Not many people going through cancer would see themselves as an inspiration, but sometimes, that is exactly what they are.
Most families have at some stage been touched, or rather hurt, in some way by the horrible illness of cancer.
It is extremely painful for those who suffer the disease and devastating for their loved ones who can only stand by and offer support.
We should therefore be thankful for the strong and determined people, many who live across the Border and North East, not satisfied with giving in.
Husband and father Steven Johnson has bravely told his story of finding out he has a rare form of brain cancer.
The Rosewhite man knows he is up for a fight, but is willing to try an experimental drug which could cause side effects such as disorientation, confusion and depression.
Without him jumping in, we may never know if this drug is the right way to fight aggressive cancers like his.
Steven is also lucky to have supportive family by his side, such as wife Margot who has “all the hope and positivity that you can muster”.
But it is not just large organisations with revolutionary drugs making a difference, there is plenty happening close to home.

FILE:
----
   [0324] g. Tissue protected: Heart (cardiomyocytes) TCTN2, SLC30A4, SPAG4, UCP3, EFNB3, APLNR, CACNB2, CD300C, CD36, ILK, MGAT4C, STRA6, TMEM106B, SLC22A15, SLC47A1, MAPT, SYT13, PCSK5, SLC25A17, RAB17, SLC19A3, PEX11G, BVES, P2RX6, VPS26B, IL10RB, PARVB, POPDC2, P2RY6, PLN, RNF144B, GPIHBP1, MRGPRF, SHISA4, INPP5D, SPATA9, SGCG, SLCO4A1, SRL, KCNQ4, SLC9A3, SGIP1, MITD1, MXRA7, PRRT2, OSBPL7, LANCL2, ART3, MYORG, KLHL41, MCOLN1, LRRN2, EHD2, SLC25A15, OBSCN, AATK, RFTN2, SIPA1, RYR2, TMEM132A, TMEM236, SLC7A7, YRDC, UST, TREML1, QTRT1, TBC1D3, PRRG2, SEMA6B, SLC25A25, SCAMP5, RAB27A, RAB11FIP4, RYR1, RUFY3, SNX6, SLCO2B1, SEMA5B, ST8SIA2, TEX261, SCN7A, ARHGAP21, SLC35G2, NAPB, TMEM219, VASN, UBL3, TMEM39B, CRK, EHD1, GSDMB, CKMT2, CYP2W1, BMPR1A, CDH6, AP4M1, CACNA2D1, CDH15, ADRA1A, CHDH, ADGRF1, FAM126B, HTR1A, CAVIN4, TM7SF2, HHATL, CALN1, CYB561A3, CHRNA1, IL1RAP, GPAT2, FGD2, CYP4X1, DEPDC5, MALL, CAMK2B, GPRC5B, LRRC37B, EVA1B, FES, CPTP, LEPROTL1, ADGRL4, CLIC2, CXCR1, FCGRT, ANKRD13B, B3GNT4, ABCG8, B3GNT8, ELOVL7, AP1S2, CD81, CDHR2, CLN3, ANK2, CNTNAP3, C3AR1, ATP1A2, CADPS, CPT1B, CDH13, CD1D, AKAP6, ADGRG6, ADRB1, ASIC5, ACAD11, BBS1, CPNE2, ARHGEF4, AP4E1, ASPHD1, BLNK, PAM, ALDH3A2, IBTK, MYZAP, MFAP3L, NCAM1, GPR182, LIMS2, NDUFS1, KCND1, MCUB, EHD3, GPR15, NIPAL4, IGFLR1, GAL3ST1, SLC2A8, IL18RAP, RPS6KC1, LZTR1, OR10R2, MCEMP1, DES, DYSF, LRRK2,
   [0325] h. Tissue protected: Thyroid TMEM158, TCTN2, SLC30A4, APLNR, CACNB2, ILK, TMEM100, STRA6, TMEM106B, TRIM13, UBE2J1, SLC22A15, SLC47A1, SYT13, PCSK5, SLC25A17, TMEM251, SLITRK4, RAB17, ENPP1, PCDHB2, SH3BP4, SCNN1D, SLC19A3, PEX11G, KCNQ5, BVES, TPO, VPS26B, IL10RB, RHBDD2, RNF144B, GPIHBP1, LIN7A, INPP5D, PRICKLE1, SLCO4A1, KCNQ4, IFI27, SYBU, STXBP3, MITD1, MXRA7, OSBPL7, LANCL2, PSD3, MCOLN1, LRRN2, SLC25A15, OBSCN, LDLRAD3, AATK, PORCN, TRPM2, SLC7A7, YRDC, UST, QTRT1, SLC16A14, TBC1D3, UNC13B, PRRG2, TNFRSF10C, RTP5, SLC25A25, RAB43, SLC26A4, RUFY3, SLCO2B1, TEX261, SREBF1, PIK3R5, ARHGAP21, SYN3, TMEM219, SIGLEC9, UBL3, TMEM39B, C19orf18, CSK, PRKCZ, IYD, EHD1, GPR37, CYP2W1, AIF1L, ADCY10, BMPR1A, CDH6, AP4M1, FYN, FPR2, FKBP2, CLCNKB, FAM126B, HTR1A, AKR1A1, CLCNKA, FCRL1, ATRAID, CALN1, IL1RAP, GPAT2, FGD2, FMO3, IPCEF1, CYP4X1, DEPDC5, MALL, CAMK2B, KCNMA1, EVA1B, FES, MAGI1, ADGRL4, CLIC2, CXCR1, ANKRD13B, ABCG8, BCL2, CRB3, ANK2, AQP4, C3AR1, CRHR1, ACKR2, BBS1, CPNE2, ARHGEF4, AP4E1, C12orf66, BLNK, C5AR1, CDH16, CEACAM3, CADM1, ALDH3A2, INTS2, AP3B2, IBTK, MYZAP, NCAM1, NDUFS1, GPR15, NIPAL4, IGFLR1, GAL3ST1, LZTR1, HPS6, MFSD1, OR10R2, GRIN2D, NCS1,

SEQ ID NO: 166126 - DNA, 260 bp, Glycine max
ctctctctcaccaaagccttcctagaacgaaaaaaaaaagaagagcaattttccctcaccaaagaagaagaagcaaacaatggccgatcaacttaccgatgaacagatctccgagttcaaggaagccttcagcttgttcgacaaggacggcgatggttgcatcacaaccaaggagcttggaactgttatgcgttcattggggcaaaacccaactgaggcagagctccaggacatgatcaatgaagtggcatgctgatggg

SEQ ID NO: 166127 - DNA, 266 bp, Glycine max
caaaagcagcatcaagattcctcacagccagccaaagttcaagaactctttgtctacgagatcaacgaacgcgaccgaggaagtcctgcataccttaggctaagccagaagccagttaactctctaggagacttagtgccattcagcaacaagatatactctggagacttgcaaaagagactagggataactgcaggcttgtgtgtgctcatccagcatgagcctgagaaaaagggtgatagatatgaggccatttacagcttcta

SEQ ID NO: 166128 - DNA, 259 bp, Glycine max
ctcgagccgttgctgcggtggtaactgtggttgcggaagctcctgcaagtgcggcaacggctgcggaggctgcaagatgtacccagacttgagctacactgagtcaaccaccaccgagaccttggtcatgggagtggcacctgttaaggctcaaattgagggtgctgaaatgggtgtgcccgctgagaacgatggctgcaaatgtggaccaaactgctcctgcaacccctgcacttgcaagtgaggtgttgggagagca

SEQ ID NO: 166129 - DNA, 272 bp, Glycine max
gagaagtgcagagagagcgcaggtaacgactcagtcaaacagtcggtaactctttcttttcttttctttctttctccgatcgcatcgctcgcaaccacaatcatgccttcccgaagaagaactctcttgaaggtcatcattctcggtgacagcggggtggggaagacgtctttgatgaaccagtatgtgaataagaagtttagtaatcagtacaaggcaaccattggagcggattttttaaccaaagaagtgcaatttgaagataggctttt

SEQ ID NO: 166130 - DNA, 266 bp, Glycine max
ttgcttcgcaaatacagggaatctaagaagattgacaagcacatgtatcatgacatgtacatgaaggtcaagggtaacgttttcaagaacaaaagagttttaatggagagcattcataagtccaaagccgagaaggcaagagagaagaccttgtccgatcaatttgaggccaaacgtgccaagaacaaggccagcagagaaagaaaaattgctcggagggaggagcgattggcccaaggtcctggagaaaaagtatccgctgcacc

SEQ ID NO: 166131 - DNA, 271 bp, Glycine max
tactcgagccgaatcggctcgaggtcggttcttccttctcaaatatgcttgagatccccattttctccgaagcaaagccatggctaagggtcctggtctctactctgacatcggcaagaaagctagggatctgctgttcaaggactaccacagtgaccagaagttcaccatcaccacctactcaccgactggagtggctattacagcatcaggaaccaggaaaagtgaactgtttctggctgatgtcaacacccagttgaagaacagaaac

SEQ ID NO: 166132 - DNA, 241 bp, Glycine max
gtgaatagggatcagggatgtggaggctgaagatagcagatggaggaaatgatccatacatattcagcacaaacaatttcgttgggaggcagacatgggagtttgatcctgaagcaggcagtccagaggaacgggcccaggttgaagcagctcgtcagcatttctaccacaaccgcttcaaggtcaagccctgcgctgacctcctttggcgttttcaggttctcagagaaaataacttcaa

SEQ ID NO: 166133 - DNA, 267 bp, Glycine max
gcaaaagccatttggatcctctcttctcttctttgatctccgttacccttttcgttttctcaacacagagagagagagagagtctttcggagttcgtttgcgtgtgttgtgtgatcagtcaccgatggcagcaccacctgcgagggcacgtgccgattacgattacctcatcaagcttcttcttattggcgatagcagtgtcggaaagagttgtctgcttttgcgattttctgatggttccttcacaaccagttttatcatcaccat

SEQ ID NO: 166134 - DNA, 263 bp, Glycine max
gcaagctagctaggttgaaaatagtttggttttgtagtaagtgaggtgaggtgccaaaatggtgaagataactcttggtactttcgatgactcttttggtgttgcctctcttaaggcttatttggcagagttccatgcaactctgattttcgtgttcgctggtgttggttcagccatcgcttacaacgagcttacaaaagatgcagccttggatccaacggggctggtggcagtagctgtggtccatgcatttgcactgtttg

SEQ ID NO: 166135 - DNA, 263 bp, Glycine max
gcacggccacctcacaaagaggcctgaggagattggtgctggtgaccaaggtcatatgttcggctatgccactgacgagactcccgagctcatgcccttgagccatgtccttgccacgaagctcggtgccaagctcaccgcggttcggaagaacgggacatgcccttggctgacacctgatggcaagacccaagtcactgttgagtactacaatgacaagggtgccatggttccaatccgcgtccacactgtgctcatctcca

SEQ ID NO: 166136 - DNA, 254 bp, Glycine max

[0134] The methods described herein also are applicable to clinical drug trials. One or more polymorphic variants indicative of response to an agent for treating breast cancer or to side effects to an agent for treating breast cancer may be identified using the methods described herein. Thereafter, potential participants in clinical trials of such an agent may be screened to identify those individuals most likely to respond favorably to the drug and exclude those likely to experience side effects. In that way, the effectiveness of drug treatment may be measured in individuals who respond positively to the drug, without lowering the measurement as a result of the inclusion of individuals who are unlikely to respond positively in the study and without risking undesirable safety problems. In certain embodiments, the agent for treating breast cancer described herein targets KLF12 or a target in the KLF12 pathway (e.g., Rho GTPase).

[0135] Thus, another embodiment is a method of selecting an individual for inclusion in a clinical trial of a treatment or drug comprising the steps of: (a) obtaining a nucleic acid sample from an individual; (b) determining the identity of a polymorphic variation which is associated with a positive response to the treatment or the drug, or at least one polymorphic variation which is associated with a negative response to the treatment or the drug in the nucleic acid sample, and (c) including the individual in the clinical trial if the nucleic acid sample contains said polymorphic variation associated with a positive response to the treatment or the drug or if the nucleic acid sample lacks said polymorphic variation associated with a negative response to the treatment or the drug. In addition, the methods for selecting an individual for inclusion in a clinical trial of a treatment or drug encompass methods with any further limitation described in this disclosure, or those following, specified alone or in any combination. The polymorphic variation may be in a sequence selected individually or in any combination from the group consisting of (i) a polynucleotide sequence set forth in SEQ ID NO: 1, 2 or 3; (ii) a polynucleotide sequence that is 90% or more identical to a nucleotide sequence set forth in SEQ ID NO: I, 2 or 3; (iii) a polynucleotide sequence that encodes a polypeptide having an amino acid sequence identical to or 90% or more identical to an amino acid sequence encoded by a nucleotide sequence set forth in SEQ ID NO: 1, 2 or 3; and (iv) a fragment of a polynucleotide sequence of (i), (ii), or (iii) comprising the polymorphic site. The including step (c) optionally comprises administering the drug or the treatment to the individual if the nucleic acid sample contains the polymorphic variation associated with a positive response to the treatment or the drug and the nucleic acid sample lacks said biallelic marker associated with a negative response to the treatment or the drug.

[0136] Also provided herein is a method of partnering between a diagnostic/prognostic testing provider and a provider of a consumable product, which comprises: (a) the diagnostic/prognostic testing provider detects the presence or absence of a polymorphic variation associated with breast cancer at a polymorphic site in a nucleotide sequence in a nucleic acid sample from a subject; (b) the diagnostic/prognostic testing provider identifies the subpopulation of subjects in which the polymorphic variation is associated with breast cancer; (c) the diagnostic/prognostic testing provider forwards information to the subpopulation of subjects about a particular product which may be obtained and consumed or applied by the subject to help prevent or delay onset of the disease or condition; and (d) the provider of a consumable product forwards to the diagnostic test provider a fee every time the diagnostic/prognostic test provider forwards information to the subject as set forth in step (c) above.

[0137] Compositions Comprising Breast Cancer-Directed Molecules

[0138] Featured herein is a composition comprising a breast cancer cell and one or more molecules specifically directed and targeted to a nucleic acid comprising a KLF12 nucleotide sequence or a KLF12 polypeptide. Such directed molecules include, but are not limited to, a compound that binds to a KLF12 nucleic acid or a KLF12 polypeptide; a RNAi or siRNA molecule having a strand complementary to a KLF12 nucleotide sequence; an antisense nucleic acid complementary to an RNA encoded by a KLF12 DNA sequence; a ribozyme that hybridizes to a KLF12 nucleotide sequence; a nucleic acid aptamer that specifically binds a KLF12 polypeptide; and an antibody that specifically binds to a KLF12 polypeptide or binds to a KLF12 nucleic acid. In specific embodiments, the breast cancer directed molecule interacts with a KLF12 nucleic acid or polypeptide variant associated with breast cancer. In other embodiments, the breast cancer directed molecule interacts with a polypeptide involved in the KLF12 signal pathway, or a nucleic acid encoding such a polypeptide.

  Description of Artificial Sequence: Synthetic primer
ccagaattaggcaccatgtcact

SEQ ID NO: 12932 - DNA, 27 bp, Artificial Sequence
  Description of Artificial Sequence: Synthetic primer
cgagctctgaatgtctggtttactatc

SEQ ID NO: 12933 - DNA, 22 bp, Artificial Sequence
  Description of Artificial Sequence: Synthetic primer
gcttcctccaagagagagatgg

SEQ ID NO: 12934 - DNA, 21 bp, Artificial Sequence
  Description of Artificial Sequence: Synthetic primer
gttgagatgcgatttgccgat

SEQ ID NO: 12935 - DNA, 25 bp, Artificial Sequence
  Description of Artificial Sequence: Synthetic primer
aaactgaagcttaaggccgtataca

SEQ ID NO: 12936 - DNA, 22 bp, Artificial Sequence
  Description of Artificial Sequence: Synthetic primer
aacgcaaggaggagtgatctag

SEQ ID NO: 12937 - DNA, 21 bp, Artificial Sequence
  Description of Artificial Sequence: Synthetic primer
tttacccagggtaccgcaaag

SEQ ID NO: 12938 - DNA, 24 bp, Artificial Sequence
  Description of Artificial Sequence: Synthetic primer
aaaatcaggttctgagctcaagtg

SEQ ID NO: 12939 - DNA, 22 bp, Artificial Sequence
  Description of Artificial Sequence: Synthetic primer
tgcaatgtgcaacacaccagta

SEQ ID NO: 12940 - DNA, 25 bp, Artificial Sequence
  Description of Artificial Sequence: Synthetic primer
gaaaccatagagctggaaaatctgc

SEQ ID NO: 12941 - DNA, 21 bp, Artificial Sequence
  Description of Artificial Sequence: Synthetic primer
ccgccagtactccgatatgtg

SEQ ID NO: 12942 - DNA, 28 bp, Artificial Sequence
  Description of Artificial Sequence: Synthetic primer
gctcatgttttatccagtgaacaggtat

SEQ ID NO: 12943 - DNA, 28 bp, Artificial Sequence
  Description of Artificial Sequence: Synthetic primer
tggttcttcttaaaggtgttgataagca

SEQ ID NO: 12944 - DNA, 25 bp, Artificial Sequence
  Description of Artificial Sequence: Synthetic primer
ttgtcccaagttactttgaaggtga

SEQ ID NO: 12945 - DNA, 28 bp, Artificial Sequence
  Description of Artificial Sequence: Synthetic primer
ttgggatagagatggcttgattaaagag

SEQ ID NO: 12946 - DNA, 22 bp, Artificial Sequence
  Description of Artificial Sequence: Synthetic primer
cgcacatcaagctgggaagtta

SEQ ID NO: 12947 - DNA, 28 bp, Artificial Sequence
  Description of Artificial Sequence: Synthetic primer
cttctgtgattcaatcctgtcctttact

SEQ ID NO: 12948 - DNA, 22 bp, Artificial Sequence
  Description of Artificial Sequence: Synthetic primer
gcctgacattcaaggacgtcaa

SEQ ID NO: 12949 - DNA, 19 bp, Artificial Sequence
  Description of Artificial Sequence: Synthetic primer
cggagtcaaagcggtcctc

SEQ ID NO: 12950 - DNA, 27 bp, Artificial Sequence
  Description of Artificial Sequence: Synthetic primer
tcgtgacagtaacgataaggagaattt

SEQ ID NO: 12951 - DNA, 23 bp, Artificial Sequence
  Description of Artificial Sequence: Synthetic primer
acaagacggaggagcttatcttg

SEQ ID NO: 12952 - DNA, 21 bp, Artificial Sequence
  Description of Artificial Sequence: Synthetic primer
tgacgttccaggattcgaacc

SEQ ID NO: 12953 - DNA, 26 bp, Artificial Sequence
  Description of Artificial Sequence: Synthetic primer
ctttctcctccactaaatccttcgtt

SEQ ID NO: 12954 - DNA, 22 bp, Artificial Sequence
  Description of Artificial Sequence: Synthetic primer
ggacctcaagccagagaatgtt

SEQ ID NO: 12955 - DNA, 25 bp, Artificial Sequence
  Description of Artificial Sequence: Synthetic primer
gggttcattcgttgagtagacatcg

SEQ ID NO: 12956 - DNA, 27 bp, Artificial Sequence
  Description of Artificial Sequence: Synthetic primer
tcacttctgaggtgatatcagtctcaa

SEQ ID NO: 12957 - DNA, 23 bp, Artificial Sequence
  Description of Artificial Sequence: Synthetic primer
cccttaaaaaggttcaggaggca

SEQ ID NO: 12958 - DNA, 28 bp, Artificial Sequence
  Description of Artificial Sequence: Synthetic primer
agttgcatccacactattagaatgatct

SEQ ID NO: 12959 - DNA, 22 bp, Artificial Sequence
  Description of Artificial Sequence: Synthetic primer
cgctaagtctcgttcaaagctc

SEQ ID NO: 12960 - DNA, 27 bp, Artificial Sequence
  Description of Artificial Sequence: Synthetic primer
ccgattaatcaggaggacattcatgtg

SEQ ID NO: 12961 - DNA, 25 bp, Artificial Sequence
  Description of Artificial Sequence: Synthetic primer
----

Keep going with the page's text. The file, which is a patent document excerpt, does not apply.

Wednesday’s announcement of $175,000 to pinpoint cancers of the lungs, oesophagus, stomach and pancreas at the Albury Wodonga Regional Cancer Centre is a positive for many cancer sufferers in this region.
Patients living in such major regional cities should not have to travel 300 kilometres for a diagnosis, especially one which could be hard to take and require the support of family and friends close to home.
Unfortunately, even decisions around services in matters of life and death come down to money.
Congratulations to Albury Wodonga Health for sticking with a campaign for 18 months and everyone in the community who donated money to get the equipment fast-tracked – you have made a massive difference.
It is fitting these two stories of positivity have come to light this week just days before the Border Relay for Life, beginning on Saturday.
To those committing to laps around the oval, you probably do not need inspiration, but you can always look to Steven and the cancer centre for a little bit extra.